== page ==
heard, and of such volume as to make the impression that it was not a mere skirmish-line engagement. I started for the lines, and on reaching the vicinity of Battery Gregg met a few of my men coming to the rear. They reported that our lines had been broken. Portions of Thomas' and Lane's brigades were in and near Batteries Gregg and Whitworth. I learned that the lines had been pierced on Lane's front near Boisseau's house and at a point to his right. Most of the enemy had turned to their left, sweeping up every thing as far as Hatcher's run; part had filed to their right and had driven our thin line back; not, however, without suffering seriously. Gen. Wright, commanding the Sixth corps, informed me subsequently that he lost 1,200 men in getting over the line. The enemy had reached the plank road in small numbers. One of Lane's regiments was forced back to the Southside road. The enemy were seen along our captured lines and on the plank road. Lane's and Thomas' men were reformed — in all about 600-moved forward in good spirits, and recaptured the lines to the vicinity of Boisseau's house, together with the artillery in the different batteries along it. This was reported to Gen. Lee. Col. Venable, aide-de-camp to Gen. Lee, soon joined me with a message that Harris' brigade would report in a few minutes; it numbers little over 500 muskets. Heavy masses of the enemy were soon seen moving toward from their entrenched lines in a direction that crossed ours near the Carnes' house. It was useless to attempt engaging them with the force I had; Harris was, therefore, ordered toward a little beyond the Bank's house, advanced skirmishers, but with orders not to become engaged with his line of battle. It was the purpose to delay the forward movement of the enemy as much as possible, in order that troops from the north side of the James river might arrive and fill the gap between the right of our main Petersburg lines and the Appomattox.1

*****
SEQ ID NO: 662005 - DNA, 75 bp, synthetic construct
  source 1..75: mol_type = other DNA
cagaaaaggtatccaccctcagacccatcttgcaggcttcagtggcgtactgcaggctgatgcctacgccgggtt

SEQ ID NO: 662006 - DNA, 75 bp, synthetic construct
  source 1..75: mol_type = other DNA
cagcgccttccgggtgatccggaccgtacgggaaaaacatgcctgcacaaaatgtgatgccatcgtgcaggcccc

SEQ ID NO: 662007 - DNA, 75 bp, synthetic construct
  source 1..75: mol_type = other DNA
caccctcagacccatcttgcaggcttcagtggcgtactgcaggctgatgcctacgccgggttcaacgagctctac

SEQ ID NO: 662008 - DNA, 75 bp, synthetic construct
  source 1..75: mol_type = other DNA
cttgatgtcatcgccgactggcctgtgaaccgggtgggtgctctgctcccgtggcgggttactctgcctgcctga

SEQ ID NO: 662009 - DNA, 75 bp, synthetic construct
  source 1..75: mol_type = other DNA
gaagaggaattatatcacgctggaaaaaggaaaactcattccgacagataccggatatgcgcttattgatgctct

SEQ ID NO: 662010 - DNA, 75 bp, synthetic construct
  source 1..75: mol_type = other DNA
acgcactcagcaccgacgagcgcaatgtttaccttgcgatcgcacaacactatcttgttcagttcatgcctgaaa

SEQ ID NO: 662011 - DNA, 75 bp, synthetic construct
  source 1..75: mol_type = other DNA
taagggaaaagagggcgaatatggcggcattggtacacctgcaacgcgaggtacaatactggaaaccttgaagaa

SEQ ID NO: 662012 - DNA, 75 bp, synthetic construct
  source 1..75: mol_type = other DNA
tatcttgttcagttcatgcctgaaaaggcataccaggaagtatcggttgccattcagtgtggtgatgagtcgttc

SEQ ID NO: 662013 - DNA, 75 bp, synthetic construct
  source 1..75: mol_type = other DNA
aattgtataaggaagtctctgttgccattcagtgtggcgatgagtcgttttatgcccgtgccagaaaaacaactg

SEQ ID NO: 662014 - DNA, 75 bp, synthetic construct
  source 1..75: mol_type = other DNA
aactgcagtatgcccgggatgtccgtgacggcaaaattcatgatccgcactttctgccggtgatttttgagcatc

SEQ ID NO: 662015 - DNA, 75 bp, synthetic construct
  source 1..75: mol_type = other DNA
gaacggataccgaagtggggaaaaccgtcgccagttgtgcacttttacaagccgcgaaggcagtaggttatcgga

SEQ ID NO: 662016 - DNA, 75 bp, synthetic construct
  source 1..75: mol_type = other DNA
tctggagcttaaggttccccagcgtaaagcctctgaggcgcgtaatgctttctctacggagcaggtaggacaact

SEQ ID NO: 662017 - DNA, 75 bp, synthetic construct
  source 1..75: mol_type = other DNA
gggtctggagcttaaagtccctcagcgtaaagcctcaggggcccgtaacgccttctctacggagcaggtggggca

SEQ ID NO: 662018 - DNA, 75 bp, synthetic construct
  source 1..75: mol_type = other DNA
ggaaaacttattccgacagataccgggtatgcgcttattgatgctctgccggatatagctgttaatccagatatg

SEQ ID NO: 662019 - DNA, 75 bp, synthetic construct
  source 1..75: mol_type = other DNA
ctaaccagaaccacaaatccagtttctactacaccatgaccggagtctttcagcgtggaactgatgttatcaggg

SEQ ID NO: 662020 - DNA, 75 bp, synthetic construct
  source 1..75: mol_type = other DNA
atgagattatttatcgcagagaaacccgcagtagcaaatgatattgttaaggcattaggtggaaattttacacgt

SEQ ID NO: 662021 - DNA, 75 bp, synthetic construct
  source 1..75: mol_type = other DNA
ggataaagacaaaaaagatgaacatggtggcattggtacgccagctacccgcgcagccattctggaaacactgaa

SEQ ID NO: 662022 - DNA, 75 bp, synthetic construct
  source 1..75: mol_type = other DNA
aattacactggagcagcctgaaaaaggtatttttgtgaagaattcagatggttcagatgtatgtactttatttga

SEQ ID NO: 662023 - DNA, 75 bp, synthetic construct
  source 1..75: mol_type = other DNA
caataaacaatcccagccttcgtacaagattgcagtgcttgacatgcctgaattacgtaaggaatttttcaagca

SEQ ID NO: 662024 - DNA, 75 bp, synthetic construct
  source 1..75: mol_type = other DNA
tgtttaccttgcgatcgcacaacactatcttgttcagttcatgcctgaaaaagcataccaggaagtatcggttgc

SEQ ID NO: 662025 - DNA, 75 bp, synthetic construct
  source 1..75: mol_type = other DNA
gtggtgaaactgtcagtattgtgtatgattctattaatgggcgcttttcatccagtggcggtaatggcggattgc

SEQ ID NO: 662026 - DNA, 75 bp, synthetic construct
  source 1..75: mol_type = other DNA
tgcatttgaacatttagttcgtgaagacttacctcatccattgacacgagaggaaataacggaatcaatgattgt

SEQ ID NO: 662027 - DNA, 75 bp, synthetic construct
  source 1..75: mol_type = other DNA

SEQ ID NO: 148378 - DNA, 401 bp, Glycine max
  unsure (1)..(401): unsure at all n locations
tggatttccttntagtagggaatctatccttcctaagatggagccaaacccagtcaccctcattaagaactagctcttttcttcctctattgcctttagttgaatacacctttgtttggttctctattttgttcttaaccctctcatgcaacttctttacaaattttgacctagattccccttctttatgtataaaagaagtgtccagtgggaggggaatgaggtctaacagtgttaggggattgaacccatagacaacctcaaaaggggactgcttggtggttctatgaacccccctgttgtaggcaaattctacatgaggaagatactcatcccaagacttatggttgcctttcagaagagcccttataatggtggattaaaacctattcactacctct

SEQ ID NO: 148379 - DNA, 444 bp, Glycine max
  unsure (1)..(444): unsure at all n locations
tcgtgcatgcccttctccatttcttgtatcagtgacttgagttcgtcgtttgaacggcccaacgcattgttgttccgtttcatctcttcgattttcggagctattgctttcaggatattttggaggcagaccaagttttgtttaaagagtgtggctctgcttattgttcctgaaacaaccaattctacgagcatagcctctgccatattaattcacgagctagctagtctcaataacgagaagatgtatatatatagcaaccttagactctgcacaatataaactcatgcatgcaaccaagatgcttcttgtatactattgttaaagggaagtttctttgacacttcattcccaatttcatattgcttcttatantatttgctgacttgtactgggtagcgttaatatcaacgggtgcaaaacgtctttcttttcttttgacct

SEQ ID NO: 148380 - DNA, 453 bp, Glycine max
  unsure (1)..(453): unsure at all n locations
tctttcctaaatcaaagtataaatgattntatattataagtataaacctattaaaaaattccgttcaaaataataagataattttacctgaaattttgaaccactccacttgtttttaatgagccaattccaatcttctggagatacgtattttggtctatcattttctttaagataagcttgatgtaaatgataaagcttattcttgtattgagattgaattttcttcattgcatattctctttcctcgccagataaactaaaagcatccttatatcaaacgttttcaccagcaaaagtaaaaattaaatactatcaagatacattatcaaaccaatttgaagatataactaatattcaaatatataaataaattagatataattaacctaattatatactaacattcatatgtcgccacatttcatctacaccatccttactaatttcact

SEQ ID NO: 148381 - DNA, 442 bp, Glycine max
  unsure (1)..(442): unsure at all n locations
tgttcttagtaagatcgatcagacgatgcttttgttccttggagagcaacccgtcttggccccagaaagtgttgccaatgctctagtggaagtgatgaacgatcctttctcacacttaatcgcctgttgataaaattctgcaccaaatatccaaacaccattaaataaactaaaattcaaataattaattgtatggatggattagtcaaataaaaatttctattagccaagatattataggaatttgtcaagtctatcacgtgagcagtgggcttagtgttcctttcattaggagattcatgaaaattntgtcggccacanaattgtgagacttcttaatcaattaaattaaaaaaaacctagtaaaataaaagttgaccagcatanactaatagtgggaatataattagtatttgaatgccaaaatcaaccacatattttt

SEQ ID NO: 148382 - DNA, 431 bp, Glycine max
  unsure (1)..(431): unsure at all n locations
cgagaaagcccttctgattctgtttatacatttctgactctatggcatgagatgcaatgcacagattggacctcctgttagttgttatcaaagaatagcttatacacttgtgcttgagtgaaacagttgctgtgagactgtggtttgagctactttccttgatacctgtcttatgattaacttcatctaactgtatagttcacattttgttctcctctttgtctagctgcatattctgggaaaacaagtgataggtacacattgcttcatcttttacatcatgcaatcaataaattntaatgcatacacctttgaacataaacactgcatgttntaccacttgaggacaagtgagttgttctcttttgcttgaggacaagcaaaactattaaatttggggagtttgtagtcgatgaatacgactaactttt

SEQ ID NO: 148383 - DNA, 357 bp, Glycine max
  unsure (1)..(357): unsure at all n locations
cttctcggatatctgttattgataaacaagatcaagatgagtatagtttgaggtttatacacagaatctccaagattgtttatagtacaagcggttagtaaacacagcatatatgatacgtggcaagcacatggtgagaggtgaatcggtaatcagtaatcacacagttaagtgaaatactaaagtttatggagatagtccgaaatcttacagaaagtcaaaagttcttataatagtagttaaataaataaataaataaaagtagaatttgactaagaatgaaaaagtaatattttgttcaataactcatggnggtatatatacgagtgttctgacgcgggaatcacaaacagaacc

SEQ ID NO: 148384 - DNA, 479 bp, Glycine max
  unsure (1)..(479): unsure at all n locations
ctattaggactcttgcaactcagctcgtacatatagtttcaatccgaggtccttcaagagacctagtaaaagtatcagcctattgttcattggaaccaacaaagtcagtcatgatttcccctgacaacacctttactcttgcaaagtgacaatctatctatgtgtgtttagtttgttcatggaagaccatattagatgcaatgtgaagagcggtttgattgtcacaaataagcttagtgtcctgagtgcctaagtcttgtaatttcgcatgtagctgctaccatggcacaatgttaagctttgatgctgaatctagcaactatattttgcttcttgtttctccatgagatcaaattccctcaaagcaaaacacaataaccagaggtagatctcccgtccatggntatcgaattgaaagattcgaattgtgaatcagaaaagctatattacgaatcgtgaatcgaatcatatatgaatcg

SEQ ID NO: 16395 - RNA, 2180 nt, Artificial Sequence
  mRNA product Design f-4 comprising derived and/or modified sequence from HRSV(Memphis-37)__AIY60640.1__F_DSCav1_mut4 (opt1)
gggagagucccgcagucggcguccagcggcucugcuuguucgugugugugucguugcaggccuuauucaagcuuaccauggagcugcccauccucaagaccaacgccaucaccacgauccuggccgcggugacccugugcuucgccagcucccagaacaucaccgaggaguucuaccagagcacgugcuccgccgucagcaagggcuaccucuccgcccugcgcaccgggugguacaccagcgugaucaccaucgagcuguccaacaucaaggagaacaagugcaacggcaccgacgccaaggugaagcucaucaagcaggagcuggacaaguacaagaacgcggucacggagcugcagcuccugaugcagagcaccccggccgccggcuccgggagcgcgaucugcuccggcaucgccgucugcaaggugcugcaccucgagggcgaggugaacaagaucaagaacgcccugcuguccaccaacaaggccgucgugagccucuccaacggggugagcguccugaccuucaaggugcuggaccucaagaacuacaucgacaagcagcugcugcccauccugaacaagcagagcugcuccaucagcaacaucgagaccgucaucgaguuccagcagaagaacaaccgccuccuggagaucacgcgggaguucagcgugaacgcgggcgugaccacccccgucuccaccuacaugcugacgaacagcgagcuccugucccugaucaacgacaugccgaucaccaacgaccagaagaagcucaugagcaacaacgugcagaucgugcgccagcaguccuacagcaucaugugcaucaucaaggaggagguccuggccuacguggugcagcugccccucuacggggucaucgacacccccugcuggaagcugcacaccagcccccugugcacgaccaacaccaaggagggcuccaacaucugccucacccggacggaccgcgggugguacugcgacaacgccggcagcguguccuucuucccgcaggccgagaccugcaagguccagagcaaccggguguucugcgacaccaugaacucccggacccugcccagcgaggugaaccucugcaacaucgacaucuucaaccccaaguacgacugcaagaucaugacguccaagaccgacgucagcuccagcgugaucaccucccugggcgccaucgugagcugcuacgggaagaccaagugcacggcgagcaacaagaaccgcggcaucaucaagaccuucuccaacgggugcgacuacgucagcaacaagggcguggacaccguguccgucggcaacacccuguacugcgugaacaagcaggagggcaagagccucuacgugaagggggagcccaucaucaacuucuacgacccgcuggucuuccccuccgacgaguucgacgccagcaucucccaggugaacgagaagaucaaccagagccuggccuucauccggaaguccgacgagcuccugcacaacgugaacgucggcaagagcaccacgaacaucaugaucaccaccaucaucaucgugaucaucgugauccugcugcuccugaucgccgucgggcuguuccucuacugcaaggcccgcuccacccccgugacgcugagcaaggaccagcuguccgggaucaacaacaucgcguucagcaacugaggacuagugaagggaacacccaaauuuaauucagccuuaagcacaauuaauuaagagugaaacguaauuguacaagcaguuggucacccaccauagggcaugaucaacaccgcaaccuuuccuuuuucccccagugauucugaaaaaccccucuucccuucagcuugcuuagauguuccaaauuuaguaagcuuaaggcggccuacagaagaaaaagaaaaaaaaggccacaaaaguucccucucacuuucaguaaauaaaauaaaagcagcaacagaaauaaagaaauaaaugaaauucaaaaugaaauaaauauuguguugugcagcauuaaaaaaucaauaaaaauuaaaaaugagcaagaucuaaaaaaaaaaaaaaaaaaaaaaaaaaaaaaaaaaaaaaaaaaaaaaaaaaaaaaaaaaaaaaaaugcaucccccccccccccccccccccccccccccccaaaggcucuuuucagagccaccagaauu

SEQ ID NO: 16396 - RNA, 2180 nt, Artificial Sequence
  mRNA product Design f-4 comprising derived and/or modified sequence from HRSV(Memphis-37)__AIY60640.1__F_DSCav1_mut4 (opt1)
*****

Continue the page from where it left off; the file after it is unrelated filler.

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Table of Contents:
Battle of Kelleysville , March 17th , 1863 -Reports of Generals J. E. B. Stuart and Fitz. Lee .
Causes of the defeat of Gen. Lee 's Army at the battle of Gettysburg -opinions of leading Confederate soldiers.
Letter from Gen J. A. Early .
Causes of the Confederate defeat at Gettysburg .
Letter from General E. P. Alexander , late Chief of artillery First corps , A. N. V .
Leading Confederates on the battle of Gettysburg .
Letter from General John B. Hood .
Official Reports of the battle of Gettysburg .
Report of General Patton Anderson of operations of his division from 30th of July to 31st of August , 1864 , including the battle of Jonesboro , Georgia .
The peace Commission .-letter from Ex-President Davis .
Letter from Hon. J. P. Benjamin .
Farewell address of Brigadier-General R. L. Gibson to the Louisiana brigade after the terms of surrender had been agreed upon between Lieut.-Gen. Richard Taylor , C. S. A. , and Major-Gen. E. R. S. Canby , U. S. A.
Reminiscences of torpedo service in Charleston Harbor by W. T. Glassel , Commander Confederate States Navy.
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